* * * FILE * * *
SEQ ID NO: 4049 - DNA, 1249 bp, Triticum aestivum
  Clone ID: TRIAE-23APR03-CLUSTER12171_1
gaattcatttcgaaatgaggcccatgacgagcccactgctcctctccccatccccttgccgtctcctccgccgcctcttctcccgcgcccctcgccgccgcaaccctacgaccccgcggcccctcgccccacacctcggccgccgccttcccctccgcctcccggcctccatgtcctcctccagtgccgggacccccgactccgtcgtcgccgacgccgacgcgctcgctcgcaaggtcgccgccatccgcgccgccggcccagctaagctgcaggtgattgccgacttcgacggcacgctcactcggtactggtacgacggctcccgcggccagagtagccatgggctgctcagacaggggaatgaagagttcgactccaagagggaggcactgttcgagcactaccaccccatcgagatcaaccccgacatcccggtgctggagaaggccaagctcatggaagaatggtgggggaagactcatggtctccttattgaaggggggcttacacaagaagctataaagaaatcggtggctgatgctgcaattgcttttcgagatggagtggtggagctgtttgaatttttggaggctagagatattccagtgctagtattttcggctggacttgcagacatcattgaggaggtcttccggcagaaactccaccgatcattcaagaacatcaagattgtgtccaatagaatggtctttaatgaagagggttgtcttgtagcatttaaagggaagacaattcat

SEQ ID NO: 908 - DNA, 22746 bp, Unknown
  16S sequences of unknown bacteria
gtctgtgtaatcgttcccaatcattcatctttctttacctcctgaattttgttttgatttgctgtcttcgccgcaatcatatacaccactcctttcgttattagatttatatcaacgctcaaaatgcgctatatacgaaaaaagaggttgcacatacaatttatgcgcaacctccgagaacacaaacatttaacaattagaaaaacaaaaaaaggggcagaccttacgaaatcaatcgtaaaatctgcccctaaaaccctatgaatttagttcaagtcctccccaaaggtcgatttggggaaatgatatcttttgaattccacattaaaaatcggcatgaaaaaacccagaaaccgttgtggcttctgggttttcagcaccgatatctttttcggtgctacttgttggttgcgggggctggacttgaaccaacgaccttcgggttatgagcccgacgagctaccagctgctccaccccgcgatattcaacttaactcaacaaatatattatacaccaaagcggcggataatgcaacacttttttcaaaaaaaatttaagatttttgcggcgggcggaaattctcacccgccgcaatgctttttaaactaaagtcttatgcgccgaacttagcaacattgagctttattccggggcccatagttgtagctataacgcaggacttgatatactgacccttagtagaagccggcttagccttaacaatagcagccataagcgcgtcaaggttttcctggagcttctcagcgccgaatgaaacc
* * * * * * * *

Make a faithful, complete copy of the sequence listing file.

SEQ ID NO: 4049 - DNA, 1249 bp, Triticum aestivum
  Clone ID: TRIAE-23APR03-CLUSTER12171_1
gaattcatttcgaaatgaggcccatgacgagcccactgctcctctccccatccccttgccgtctcctccgccgcctcttctcccgcgcccctcgccgccgcaaccctacgaccccgcggcccctcgccccacacctcggccgccgccttcccctccgcctcccggcctccatgtcctcctccagtgccgggacccccgactccgtcgtcgccgacgccgacgcgctcgctcgcaaggtcgccgccatccgcgccgccggcccagctaagctgcaggtgattgccgacttcgacggcacgctcactcggtactggtacgacggctcccgcggccagagtagccatgggctgctcagacaggggaatgaagagttcgactccaagagggaggcactgttcgagcactaccaccccatcgagatcaaccccgacatcccggtgctggagaaggccaagctcatggaagaatggtgggggaagactcatggtctccttattgaaggggggcttacacaagaagctataaagaaatcggtggctgatgctgcaattgcttttcgagatggagtggtggagctgtttgaatttttggaggctagagatattccagtgctagtattttcggctggacttgcagacatcattgaggaggtcttccggcagaaactccaccgatcattcaagaacatcaagattgtgtccaatagaatggtctttaatgaagagggttgtcttgtagcatttaaagggaagacaattcat

SEQ ID NO: 908 - DNA, 22746 bp, Unknown
  16S sequences of unknown bacteria
gtctgtgtaatcgttcccaatcattcatctttctttacctcctgaattttgttttgatttgctgtcttcgccgcaatcatatacaccactcctttcgttattagatttatatcaacgctcaaaatgcgctatatacgaaaaaagaggttgcacatacaatttatgcgcaacctccgagaacacaaacatttaacaattagaaaaacaaaaaaaggggcagaccttacgaaatcaatcgtaaaatctgcccctaaaaccctatgaatttagttcaagtcctccccaaaggtcgatttggggaaatgatatcttttgaattccacattaaaaatcggcatgaaaaaacccagaaaccgttgtggcttctgggttttcagcaccgatatctttttcggtgctacttgttggttgcgggggctggacttgaaccaacgaccttcgggttatgagcccgacgagctaccagctgctccaccccgcgatattcaacttaactcaacaaatatattatacaccaaagcggcggataatgcaacacttttttcaaaaaaaatttaagatttttgcggcgggcggaaattctcacccgccgcaatgctttttaaactaaagtcttatgcgccgaacttagcaacattgagctttattccggggcccatagttgtagctataacgcaggacttgatatactgacccttagtagaagccggcttagccttaacaatagcagccataagcgcgtcaaggttttcctggagcttctcagcgccgaatgaaacc